Sunday, June 29, 2008


Aotearoa is the Maori name for New Zealand and is most often interpreted as "Land of the Long White Cloud" though this translation may be more aesthetically pleasing than technically accurate. Regardless, I have yet to see a cloudless day here, and the cloud formations are breathtaking.

We drove to Piha beach to enjoy the sunset last night despite the thunderstorms, thick rain, hail and wind. The weather here is unpredictable, or rather the prediction always says "rain" and while accurate, as it does indeed rain at some point everyday, it avoids the more difficult question: when will it rain? I am frequently soaked by the rain while the sun is shining, which drives me crazy until I look up and see clouds like this:

Speaking of fascinating and beautiful things in nature and wild sea storms, this is a blue bottle jelly fish that washed ashore at Piha with 10,000 of its friends. Isn't blue bottle a nice name? It's other name is Portuguese Man-O-War. Not such a nice name. I was happy we all wore sturdy shoes as it was hard to avoid all the little jelly fish bodies while walking along the beach. Here's hoping they found their way back home.

Monday, June 23, 2008

Our Lady of Birds

We are bird feeders.

While I am the most enthusiastic feeder of the family, we all enjoy lobbing bread at the ducks and gulls that live by the pond that is on our way to the grocery store. For extreme bird feeding (this is New Zealand, after all) we go to the Auckland Domain duck pond, home to many kinds of ducks, geese, and pigeons. Here you can play tug-a-war with a goose over a stale french loaf (B's a champ at this) while the gulls yell at you for your favoritism. It was at this pond that I realized I am a pied piper of pigeons, a veritable Bird Woman straight out of Mary Poppins (without the singing).

While I tend to consider pigeons to be the rodents of the bird world (filthy, germ-ridden pests!), clearly they don't hold that against me.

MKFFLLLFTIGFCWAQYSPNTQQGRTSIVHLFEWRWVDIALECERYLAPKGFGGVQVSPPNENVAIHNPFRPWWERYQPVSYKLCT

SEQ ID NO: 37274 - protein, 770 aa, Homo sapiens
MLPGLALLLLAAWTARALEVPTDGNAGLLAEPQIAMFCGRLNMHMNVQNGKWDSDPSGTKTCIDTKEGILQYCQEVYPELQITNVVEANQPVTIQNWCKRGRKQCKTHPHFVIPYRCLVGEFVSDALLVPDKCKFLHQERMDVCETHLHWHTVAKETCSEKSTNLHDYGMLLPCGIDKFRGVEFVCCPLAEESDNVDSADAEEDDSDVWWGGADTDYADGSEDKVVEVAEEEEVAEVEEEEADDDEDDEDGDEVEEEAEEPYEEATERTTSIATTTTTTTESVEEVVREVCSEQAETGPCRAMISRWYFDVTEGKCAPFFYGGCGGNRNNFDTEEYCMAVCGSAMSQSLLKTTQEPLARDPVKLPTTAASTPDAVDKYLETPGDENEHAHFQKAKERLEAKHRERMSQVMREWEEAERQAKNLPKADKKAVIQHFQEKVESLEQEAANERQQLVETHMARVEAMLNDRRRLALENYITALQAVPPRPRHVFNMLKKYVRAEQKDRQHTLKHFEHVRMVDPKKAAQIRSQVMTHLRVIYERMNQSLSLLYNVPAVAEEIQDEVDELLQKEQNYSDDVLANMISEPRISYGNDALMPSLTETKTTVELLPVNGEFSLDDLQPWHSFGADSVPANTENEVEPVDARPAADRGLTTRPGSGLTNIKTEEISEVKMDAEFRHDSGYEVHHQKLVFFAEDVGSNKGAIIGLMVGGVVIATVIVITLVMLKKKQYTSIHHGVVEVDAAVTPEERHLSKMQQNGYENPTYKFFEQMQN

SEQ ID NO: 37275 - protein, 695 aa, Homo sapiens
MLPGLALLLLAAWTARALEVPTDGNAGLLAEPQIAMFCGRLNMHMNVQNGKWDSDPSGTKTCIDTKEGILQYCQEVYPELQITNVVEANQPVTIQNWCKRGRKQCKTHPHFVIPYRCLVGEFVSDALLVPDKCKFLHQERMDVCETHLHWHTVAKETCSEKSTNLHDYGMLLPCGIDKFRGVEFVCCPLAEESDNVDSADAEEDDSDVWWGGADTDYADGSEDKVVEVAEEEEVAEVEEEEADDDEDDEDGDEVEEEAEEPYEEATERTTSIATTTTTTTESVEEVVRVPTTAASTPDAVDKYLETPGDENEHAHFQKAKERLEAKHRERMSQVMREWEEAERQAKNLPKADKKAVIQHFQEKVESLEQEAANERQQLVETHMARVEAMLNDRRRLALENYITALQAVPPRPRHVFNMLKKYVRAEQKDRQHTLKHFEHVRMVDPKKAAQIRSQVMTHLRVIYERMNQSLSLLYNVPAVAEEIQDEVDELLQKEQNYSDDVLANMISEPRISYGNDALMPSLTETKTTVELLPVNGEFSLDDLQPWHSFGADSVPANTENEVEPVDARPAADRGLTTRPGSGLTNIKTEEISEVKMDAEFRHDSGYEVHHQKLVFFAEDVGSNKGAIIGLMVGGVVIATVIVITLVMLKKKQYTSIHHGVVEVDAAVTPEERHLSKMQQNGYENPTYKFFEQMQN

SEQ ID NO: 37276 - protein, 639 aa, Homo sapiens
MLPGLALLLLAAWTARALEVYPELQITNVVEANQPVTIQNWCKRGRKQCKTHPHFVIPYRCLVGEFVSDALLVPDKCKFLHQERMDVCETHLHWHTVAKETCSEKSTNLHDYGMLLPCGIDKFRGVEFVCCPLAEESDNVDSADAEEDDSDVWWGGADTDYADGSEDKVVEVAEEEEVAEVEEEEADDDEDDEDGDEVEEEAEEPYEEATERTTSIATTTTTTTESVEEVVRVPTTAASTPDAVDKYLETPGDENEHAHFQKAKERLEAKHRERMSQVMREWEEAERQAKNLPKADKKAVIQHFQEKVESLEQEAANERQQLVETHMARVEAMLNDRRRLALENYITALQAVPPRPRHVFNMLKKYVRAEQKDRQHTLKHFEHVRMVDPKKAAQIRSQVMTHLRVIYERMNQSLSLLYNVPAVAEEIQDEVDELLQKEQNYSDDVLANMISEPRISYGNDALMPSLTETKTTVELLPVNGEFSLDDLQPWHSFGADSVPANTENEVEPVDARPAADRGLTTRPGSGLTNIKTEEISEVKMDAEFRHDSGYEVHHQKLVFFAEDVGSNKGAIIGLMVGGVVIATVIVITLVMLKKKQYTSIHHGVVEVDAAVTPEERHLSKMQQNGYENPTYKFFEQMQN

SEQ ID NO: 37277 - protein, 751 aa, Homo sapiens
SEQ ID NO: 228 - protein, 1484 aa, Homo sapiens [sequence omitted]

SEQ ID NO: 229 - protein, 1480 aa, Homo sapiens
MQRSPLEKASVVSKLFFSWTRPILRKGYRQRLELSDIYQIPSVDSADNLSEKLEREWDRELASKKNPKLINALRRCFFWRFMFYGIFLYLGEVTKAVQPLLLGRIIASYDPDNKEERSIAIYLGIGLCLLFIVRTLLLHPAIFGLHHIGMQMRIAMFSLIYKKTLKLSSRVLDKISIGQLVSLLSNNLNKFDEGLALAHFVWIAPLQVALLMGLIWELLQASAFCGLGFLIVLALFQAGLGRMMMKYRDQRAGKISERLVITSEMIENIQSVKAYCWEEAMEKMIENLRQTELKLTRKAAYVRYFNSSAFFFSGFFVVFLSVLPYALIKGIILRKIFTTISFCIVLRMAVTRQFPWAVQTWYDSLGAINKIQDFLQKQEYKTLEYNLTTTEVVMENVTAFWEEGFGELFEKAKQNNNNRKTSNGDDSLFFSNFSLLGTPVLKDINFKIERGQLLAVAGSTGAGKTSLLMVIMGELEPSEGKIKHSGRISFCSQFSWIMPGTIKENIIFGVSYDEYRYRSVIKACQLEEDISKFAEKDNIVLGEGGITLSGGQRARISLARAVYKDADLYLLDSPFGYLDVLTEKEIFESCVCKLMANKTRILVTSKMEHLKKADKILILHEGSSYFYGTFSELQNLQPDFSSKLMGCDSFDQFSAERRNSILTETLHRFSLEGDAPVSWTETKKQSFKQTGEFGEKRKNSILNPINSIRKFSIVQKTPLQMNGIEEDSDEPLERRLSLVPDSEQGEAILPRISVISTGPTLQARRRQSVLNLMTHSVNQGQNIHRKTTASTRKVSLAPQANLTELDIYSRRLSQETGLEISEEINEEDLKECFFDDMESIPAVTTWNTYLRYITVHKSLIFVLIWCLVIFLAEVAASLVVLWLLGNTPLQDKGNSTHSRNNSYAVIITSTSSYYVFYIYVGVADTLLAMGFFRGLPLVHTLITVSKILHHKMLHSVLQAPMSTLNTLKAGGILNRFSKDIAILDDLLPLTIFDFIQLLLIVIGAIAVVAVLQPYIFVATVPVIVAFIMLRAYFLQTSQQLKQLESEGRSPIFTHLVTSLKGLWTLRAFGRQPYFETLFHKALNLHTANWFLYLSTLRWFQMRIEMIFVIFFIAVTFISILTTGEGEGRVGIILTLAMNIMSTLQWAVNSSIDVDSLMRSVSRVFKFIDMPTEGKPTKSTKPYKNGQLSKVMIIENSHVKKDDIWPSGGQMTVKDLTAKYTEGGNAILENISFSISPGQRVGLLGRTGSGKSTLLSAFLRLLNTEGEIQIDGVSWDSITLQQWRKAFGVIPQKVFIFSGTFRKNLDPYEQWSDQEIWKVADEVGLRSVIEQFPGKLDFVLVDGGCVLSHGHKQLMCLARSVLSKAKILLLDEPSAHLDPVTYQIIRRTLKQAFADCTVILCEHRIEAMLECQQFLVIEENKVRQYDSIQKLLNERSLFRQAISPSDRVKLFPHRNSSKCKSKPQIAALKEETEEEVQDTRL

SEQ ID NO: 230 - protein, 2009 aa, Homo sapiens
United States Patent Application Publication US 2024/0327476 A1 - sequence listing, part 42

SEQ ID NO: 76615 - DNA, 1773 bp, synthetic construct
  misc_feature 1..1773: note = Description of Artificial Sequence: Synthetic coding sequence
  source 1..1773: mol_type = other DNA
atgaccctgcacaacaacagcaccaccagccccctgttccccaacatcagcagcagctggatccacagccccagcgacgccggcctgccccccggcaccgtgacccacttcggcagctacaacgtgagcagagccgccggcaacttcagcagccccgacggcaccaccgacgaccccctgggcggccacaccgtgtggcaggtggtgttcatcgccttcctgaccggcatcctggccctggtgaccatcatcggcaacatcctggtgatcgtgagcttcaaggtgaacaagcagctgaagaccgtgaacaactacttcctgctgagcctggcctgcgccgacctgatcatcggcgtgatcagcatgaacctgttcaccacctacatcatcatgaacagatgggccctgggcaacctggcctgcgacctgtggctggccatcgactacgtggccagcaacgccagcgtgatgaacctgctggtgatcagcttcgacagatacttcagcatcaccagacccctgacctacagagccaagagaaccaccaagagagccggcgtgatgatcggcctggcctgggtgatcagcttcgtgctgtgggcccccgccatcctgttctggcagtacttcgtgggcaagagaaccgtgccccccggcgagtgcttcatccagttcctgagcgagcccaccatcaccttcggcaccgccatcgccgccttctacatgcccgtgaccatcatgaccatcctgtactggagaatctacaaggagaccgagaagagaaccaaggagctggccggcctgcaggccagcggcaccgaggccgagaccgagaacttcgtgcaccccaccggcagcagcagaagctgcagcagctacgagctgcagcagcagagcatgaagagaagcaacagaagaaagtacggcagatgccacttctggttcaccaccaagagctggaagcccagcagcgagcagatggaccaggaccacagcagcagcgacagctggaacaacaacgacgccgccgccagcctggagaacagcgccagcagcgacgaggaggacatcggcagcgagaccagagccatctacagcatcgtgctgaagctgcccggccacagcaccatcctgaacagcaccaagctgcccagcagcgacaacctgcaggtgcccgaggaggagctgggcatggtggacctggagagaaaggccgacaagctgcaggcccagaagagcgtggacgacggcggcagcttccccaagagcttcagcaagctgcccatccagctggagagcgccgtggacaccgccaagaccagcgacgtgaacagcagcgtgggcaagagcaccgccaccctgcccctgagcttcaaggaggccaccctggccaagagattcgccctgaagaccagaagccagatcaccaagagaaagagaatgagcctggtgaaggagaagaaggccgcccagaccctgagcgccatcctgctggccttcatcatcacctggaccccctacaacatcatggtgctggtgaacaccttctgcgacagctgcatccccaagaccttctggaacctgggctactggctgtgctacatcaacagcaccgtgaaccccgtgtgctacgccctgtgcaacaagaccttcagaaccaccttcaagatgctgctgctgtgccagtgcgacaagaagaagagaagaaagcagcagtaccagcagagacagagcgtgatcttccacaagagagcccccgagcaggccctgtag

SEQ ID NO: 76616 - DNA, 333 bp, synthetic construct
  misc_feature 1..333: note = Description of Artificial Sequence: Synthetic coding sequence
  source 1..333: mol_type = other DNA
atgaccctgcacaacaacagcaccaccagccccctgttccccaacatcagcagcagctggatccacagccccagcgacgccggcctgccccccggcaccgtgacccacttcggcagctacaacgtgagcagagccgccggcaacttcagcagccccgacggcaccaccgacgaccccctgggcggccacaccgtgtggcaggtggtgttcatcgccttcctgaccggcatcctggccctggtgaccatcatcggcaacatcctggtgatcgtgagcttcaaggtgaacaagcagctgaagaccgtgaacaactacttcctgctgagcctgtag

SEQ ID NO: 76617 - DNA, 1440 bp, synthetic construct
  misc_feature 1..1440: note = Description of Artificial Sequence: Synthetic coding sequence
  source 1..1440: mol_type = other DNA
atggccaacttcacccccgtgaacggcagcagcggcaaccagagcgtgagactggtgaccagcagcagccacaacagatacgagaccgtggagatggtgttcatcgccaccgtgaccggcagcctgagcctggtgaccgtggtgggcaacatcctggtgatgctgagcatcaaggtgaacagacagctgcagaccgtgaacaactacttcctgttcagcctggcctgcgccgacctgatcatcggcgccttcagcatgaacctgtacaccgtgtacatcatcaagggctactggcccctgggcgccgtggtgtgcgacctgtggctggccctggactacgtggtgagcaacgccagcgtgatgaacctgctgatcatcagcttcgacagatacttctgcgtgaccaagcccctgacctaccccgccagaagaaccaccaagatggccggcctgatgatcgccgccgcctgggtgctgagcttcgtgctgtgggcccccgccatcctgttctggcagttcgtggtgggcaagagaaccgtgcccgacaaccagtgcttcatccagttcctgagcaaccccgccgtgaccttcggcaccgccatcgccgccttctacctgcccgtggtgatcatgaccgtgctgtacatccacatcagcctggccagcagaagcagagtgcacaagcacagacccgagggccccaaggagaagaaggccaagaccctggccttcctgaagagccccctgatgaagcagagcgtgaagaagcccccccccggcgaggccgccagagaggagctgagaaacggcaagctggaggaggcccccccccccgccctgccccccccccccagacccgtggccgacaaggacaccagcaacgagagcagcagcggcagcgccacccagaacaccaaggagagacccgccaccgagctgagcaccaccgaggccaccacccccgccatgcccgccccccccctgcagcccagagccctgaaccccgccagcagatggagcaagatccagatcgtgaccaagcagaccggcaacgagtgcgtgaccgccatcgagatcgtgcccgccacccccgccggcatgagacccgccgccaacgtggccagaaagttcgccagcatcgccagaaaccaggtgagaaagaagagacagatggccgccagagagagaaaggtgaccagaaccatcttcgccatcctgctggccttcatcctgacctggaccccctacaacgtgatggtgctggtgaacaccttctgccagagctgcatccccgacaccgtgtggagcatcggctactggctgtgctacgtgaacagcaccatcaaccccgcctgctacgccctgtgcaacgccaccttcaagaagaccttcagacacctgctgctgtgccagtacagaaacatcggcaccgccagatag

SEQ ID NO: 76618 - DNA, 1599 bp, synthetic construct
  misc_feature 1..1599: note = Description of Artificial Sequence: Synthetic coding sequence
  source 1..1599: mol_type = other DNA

Like my first experience handling snakes, the limbic/reptilian part of my brain didn't like birds landing on me and I felt like I was living in Hitchcock's The Birds, while the OCD part of my brain was busy thinking about the scaly, disgusting, salmonella-drenched feet touching my skin. Thank goodness the calm midwife part of my brain triumphed over the rest and I was able to almost enjoy the feeding frenzy.

I love the little sparrows sitting on the fence (are they sparrows? I'm a bird feeder, not a bird watcher.) Why couldn't the little sparrows gather in my lap? Then I would feel like Snow White and I would definitely sing. And, like Snow White, my singing would bring out all the rest of the local wildlife that have been hiding in the bushes, and they too would want to sit in my lap! Mammals on my lap would be glorious!

But it turns out the true Bird Woman in our family is P.

Birds flock to her like pigeons to a statue.

This one did "The Pigeon" dance just like Bert from Sesame Street.

Synchronized perching.

And for once my girlygirl daughter did not totally freak out and scream and do the wiggle-shaky dance of one-who-has-touched-a-leech when they swarmed her and landed on her head, but instead she was still and calm and happy.

(In all fairness, there is no evidence that pigeons spread disease to humans. There is a lot of evidence however, that humans tend to get overly excited about pigeons spreading diseases.)

Tuesday, June 3, 2008

Queen's Birthday Monday in Rotorua / Taupo

This will be a post in pictures. I was thrilled to find out that R's final weekend in NZ coincided with a national holiday here the "Queen's Birthday Monday." (For all you biking aficionados, and those who feel this blog has turned to grrly mush, know that B plans to post soon about his recent dreamy MTBing in NZ. Stay tuned.) So we climbed into our spaceship and went to Rotorua for the weekend.

Rotorua is a geothermal area where hydrogen sulphide gas is emitted from boiling mud pools and cracks in the earth's crust. The entire region smells like rotten eggs, and yet it is one of the most popular tourist destinations on the North Island.

P is not pleased about the stinky steam, although Flat K appears unaffected.
Below a burbling, boiling mud crater at Craters of the Moon.

Black swans on Lake Rotorua. On this beach you can dig a hole in the sand and it will fill with very hot water from the nearby mineral springs.

Okere falls. People not only kayak this, but go down it in large rafts. There is also Black River rafting here, which I am eager to try.

While the boys went MTBing, we went to an animal farm. Here Flat K is trying to sneak into the wallaby enclosure.

An emu, really close up.

And this is my most favorite pig ever, the Kune Kune pig (the Red River Hogs at SD zoo are a very close second). At this animal farm you can buy food for the animals, and if you rattle the bag these pigs will actually sprint over to you! Fantastic!

For a moment I thought we were going to lose Flat K to Boris, but he merely wanted to give her a snort. (hogs - not as cute as sows.)

I'll finish with more beautiful waterfalls with clear blue water. This is Huka Falls just outside Taupo.